Spanish Colonial Empire, Viceroyalty of Peru, Ferdinand VI, Real de a ocho (Peso) 1754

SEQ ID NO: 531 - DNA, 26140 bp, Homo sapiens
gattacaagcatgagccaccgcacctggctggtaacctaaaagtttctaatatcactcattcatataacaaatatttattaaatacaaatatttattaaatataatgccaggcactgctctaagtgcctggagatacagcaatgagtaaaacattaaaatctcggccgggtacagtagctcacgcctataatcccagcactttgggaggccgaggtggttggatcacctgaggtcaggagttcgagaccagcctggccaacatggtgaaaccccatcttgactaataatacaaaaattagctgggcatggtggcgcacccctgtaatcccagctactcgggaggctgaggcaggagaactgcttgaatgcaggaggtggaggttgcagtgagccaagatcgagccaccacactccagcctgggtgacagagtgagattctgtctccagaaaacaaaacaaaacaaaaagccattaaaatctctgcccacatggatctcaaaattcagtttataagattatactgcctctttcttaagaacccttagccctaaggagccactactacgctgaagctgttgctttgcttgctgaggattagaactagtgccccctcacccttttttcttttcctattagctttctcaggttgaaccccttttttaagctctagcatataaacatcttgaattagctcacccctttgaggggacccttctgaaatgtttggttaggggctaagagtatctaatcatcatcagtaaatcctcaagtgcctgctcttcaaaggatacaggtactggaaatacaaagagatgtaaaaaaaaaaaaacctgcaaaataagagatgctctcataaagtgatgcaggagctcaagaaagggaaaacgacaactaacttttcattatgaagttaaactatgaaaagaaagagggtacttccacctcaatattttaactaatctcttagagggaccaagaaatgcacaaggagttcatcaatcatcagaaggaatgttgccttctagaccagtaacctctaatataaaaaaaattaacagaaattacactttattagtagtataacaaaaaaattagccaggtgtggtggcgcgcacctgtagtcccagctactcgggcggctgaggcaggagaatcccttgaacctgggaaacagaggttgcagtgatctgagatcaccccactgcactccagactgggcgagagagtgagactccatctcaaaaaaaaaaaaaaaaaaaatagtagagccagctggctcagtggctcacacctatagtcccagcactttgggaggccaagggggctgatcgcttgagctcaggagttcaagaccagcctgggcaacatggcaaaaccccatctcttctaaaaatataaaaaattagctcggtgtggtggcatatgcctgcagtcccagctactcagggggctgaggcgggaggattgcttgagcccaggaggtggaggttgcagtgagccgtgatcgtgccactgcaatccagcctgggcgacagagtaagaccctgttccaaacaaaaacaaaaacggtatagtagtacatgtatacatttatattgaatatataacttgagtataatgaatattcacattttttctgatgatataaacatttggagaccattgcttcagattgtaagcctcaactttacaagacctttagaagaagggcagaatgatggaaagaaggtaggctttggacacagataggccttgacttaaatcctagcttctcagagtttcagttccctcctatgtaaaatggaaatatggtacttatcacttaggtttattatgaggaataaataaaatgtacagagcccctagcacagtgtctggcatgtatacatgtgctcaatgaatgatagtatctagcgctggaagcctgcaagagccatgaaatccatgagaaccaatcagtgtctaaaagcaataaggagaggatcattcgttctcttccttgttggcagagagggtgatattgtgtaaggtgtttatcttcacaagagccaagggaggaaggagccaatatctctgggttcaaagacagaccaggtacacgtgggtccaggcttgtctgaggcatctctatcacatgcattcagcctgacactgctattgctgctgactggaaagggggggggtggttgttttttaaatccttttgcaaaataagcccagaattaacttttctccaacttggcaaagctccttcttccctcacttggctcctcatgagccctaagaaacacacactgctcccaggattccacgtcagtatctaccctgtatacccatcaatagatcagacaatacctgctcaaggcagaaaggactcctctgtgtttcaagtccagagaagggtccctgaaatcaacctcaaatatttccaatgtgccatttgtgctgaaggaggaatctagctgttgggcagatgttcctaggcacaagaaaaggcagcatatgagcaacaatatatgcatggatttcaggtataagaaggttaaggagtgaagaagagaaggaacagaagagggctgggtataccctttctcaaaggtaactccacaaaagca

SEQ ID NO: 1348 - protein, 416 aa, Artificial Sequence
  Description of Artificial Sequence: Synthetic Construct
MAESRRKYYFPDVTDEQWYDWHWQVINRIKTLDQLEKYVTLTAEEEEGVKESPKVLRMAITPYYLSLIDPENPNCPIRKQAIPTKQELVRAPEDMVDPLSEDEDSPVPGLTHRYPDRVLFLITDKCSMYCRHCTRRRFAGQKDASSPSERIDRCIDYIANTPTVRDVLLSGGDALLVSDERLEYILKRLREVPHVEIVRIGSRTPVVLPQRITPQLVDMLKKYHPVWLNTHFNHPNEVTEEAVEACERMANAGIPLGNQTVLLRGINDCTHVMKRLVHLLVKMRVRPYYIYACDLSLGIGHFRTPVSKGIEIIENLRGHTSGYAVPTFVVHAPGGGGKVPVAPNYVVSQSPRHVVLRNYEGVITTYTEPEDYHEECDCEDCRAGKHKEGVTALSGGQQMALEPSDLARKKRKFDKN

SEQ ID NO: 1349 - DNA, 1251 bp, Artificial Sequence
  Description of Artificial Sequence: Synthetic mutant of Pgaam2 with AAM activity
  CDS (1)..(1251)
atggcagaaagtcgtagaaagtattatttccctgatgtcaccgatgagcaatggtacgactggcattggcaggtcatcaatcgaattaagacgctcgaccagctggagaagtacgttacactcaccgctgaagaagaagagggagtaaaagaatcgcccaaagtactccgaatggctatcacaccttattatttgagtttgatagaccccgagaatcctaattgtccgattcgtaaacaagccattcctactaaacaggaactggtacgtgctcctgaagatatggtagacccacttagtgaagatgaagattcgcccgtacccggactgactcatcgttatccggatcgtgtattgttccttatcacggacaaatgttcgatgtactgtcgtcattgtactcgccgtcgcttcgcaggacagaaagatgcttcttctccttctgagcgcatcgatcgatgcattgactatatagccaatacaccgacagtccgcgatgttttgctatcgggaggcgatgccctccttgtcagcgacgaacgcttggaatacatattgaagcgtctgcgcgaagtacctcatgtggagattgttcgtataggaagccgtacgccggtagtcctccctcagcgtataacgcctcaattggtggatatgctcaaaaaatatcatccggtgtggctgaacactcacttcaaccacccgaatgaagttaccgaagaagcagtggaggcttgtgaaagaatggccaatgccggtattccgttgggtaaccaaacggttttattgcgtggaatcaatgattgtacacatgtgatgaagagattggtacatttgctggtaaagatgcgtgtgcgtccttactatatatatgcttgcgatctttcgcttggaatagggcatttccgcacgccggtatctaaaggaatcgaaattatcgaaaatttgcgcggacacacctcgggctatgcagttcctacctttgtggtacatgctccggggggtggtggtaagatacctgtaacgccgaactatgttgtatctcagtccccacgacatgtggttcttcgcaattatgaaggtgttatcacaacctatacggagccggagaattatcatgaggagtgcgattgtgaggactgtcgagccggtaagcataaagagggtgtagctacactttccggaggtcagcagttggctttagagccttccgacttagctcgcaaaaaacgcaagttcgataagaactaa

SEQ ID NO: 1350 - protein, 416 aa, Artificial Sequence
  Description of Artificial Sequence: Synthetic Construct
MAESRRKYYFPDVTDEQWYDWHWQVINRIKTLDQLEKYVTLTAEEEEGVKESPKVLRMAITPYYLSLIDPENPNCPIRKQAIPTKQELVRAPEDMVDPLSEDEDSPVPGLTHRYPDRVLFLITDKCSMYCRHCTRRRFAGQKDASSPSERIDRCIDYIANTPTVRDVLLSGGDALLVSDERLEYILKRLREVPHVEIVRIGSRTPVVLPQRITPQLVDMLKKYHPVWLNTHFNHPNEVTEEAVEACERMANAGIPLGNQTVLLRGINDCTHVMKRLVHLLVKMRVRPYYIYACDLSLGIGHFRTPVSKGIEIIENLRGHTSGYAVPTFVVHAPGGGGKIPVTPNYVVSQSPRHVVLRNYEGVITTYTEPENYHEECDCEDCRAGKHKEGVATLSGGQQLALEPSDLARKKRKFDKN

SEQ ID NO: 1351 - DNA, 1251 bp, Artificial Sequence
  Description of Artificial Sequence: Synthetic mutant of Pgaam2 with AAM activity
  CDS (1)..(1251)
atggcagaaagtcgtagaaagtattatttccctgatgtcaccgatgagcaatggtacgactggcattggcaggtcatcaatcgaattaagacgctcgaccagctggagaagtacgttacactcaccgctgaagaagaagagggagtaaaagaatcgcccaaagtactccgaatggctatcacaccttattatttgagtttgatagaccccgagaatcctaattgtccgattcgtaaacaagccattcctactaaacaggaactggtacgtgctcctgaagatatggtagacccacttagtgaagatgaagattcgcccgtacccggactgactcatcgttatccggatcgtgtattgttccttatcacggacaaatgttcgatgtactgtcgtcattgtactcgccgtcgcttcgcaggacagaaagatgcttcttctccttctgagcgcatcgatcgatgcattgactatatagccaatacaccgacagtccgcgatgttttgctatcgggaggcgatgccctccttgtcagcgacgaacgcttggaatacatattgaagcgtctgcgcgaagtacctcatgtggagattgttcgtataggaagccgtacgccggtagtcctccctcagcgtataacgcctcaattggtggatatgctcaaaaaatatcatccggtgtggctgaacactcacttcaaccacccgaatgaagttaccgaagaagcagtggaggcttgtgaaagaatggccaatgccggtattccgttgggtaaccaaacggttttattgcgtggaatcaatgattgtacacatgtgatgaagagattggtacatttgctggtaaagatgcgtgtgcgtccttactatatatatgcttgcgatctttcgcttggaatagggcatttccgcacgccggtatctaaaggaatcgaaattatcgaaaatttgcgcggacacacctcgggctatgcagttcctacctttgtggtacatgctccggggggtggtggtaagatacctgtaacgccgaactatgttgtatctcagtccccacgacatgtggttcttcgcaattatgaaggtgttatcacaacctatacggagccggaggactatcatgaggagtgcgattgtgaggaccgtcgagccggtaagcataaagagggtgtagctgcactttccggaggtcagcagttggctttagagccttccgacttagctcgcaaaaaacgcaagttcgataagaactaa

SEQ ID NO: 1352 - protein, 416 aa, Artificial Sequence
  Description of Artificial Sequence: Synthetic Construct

The real de a ocho, the 8-reales coin, later known as peso, was minted in 1732 in Mexico for the first time. In Spanish colloquial it was known as "real fuerte culumnario," i.e. as pillar dollar, and in German as Säulenpiaster. These names all refer to the image on the reverse of the coin: the two pillars of Heracles rising out of the sea, flanked by the hemispheres of the Old and the New Worlds. The peso took the world economy by assault. It was especially popular for trade with Asia and thus became the forerunner of the Chinese yuan and the Japanese yen. In North America, the peso was a well-liked trading coin as well and became the prototype of the modern US dollar.